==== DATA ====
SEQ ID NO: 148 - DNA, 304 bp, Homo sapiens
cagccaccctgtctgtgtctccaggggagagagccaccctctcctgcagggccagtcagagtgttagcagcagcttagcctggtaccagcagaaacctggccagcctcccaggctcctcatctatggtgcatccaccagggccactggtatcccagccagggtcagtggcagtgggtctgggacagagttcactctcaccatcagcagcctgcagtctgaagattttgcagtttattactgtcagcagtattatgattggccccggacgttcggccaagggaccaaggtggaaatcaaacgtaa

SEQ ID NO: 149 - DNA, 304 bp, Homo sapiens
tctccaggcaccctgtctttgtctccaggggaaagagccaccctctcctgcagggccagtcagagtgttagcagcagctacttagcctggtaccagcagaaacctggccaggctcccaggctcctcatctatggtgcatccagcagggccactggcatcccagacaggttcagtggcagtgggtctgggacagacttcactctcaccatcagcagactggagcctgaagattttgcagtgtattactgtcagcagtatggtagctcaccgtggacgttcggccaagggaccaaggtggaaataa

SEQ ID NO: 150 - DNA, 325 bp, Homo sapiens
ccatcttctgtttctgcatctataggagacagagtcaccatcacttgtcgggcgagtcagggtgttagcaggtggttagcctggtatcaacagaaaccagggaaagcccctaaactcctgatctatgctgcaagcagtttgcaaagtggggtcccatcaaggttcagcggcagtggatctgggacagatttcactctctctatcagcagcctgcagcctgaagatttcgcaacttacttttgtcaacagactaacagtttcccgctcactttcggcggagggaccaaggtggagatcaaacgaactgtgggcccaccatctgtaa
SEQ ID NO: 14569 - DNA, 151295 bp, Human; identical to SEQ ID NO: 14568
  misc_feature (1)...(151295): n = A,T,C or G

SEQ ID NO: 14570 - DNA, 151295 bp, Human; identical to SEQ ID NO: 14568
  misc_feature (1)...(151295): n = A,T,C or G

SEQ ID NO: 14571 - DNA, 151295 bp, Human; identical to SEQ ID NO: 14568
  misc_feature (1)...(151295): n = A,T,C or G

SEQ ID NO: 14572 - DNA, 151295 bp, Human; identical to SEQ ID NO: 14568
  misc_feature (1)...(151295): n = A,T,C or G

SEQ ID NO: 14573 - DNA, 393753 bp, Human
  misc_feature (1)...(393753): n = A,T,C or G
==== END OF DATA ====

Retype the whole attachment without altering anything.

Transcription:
SEQ ID NO: 148 - DNA, 304 bp, Homo sapiens
cagccaccctgtctgtgtctccaggggagagagccaccctctcctgcagggccagtcagagtgttagcagcagcttagcctggtaccagcagaaacctggccagcctcccaggctcctcatctatggtgcatccaccagggccactggtatcccagccagggtcagtggcagtgggtctgggacagagttcactctcaccatcagcagcctgcagtctgaagattttgcagtttattactgtcagcagtattatgattggccccggacgttcggccaagggaccaaggtggaaatcaaacgtaa

SEQ ID NO: 149 - DNA, 304 bp, Homo sapiens
tctccaggcaccctgtctttgtctccaggggaaagagccaccctctcctgcagggccagtcagagtgttagcagcagctacttagcctggtaccagcagaaacctggccaggctcccaggctcctcatctatggtgcatccagcagggccactggcatcccagacaggttcagtggcagtgggtctgggacagacttcactctcaccatcagcagactggagcctgaagattttgcagtgtattactgtcagcagtatggtagctcaccgtggacgttcggccaagggaccaaggtggaaataa

SEQ ID NO: 150 - DNA, 325 bp, Homo sapiens
ccatcttctgtttctgcatctataggagacagagtcaccatcacttgtcgggcgagtcagggtgttagcaggtggttagcctggtatcaacagaaaccagggaaagcccctaaactcctgatctatgctgcaagcagtttgcaaagtggggtcccatcaaggttcagcggcagtggatctgggacagatttcactctctctatcagcagcctgcagcctgaagatttcgcaacttacttttgtcaacagactaacagtttcccgctcactttcggcggagggaccaaggtggagatcaaacgaactgtgggcccaccatctgtaa
SEQ ID NO: 14569 - DNA, 151295 bp, Human; identical to SEQ ID NO: 14568
  misc_feature (1)...(151295): n = A,T,C or G

SEQ ID NO: 14570 - DNA, 151295 bp, Human; identical to SEQ ID NO: 14568
  misc_feature (1)...(151295): n = A,T,C or G

SEQ ID NO: 14571 - DNA, 151295 bp, Human; identical to SEQ ID NO: 14568
  misc_feature (1)...(151295): n = A,T,C or G

SEQ ID NO: 14572 - DNA, 151295 bp, Human; identical to SEQ ID NO: 14568
  misc_feature (1)...(151295): n = A,T,C or G

SEQ ID NO: 14573 - DNA, 393753 bp, Human
  misc_feature (1)...(393753): n = A,T,C or G